How to Become a More Professional Business Person
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The concept of professionalism is relative, because the definition depends on the people you want to impress. In some professions, a suit and tie are de rigueur to appear professional, while in others, stylish, cutting-edge outfits are called for. Observing the habits of people you want to emulate will help you become more professional as you advance your career.
The first step in becoming more professional is to watch those around you and put them into three groups: very professional, neutral and unprofessional. Look at your list and ask yourself why you put each person in the category you did. Next, list the commonalities of each group. You might find that professional people have dress, punctuality, communications skills and uncluttered work areas in common. You might find that the unprofessional people on your list gossip, complain, submit work late or send mistake-laden emails.
The most professional people often arrive at work first and leave last. Many employers are taking advantage of 24/7 communication to try to get workers to put in hours late at night and on weekends. You may not get noticed for this work, but you will get noticed for showing up early and not having your coat on and laptop packed at 4:55 each evening. Plan on being at appointments five or more minutes early. When you have assignments, submit them as early as possible, rather than at the last minute.
Use Email Effectively
You might be the smartest person in the office, but if you can’t send an email without a typo, don’t use paragraphs, type in all caps, use emoticons and abbreviations such as LOL or send half sentences because you think it saves times, you look unprofessional and disrespectful. Use a salutation with most emails, even if it’s as simple as “Bob,” to acknowledge the recipient. Finish with your name and consider including a complete auto-signature so peers can quickly call or check out your website if necessary. Use the spell check function if you’re not a good speller.
Balance Personal Interactions
There’s a fine line between having a sense of humor and being the office clown. Avoid getting too personal at the office: stay away from gossip and political discussions, don't share your Facebook page and refrain from discussing relationships. Show interest in your peers’ professional achievements, congratulating them on well-received projects. Send congratulatory emails to clients, customers and people in your network when you read about them online or in trade publications. Set up and maintain a LinkedIn account and join industry groups.
Even if you can find everything you need under the stack of papers on your desk, others may not realize that. Take the time to keep your area neat, at the very least cleaning up your desk at the end of each day. Keep your clothes and shoes clean, repaired, tailored and presentable. You might not notice scuffed shoes, a thread hanging from a jacket or yellowed shirt collars, but others will.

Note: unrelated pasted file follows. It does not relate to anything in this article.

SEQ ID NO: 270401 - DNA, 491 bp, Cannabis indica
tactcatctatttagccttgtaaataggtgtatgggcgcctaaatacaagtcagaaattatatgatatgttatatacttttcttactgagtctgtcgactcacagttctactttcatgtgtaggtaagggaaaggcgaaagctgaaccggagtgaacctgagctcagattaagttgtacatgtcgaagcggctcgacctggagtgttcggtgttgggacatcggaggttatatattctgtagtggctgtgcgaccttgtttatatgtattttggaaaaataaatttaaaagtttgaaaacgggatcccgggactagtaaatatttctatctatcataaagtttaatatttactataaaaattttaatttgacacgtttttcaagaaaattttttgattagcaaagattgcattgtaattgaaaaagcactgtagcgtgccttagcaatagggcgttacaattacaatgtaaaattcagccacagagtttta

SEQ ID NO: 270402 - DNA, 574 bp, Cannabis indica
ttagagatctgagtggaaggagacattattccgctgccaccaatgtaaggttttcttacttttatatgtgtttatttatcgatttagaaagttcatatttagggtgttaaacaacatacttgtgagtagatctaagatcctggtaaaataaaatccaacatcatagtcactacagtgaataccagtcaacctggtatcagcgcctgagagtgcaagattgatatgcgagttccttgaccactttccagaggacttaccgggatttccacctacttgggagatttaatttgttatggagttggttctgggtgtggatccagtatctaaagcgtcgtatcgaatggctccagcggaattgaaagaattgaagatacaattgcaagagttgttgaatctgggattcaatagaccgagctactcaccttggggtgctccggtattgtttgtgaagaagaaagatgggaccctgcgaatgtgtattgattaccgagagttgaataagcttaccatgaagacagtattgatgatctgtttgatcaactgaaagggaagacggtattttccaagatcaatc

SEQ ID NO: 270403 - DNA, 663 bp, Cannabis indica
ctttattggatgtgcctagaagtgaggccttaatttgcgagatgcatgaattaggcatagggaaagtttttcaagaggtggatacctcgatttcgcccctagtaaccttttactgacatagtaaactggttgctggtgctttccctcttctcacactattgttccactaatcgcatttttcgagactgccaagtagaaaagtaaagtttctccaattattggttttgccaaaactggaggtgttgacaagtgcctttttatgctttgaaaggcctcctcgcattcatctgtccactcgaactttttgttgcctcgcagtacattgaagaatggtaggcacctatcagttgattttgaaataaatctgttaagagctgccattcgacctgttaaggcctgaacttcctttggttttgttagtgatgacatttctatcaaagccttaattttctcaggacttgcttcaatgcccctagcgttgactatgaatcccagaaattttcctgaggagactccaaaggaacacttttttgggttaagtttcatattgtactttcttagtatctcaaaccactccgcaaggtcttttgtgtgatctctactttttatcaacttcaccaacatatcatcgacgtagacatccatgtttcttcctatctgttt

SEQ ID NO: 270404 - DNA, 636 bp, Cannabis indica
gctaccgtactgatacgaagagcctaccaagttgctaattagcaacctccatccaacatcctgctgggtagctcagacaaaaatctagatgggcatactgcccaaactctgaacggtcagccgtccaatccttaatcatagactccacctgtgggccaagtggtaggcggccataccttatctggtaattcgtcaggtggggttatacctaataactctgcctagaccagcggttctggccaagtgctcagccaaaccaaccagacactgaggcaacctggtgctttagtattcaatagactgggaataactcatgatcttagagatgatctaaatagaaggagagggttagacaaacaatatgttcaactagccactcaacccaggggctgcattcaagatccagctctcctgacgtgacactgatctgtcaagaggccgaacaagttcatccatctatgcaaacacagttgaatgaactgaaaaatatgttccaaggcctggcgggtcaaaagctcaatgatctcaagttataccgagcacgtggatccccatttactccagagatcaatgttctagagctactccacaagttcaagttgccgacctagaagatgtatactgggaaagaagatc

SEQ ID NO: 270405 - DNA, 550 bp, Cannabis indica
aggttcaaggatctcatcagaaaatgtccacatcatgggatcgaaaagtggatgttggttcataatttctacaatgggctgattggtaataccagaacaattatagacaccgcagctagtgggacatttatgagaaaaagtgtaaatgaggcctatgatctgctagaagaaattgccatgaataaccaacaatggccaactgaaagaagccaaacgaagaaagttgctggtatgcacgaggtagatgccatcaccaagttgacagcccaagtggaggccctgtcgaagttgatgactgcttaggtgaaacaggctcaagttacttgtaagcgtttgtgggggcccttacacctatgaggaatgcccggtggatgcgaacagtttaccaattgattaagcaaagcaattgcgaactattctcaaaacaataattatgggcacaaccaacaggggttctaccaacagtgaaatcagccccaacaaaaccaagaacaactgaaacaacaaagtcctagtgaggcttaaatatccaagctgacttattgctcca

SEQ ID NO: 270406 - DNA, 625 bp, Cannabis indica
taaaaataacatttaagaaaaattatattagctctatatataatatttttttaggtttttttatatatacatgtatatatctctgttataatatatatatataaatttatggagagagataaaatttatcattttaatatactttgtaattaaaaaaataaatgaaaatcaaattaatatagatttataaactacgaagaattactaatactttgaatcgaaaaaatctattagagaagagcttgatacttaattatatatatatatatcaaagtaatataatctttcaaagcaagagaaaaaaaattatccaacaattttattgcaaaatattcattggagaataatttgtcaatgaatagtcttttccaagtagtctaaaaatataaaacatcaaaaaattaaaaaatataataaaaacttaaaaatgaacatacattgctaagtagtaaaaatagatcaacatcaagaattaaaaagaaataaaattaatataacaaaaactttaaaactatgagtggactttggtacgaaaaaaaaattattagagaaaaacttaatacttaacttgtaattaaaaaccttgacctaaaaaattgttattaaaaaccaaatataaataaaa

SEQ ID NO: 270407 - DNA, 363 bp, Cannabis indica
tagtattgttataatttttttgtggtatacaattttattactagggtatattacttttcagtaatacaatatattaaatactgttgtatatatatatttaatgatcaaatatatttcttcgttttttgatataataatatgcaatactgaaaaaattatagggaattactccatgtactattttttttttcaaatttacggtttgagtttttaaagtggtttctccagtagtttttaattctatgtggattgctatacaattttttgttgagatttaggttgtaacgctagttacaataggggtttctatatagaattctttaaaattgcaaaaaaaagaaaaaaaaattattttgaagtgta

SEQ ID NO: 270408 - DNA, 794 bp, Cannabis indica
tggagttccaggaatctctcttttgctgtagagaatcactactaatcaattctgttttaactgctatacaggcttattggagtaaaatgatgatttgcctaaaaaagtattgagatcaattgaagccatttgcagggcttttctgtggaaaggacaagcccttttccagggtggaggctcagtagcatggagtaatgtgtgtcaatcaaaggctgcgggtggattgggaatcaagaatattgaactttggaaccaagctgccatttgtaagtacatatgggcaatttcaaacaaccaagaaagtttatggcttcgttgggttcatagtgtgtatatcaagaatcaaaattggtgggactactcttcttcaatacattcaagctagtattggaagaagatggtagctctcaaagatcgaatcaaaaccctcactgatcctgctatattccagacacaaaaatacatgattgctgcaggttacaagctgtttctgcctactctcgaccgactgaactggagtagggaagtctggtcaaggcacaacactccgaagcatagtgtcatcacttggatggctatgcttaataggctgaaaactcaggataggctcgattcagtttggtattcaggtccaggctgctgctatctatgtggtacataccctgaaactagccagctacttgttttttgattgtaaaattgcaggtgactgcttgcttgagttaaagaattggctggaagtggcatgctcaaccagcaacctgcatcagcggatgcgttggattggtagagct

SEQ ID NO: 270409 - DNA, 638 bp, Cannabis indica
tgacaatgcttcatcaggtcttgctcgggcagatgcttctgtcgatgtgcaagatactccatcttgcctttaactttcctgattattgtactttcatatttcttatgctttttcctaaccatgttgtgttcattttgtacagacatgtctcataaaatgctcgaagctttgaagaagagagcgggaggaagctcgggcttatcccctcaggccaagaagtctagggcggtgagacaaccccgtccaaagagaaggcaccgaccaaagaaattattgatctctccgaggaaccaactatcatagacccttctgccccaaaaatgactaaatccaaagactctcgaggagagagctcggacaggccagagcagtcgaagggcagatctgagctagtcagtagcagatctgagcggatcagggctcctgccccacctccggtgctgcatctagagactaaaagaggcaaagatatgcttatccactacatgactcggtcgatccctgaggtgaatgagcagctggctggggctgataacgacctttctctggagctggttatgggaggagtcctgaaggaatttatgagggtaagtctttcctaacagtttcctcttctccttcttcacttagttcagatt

Stay Current with Technology
Whether or not you feel you need to use a particular social media tool or smart phone app, if many others in your circle are using it, learn it. You might not want to tweet, but it’s a good idea to know what Twitter is about so you won’t sound out of touch in group discussions. Not having a Facebook page might make you seem unsociable or behind the times, and without a LinkedIn profile, you’ll likely be seen as disinterested in your career or profession. Embrace new technology to let others know you stay abreast of the rapidly changing business environment. Listen to what your peers are talking about and note what technology they are using to stay relevant and part of the conversation.
Take advantage of opportunities to write articles for professional publications and websites. Join a professional association or two and serve on a committee. Speak at conferences, workshops and seminars. Top professionals give back to their professions and brand themselves as experts.
Sam Ashe-Edmunds has been writing and lecturing for decades. He has worked in the corporate and nonprofit arenas as a C-Suite executive, serving on several nonprofit boards. He is an internationally traveled sport science writer and lecturer. He has been published in print publications such as Entrepreneur, Tennis, SI for Kids, Chicago Tribune, Sacramento Bee, and on websites such Smart-Healthy-Living.net, SmartyCents and Youthletic. Edmunds has a bachelor's degree in journalism.
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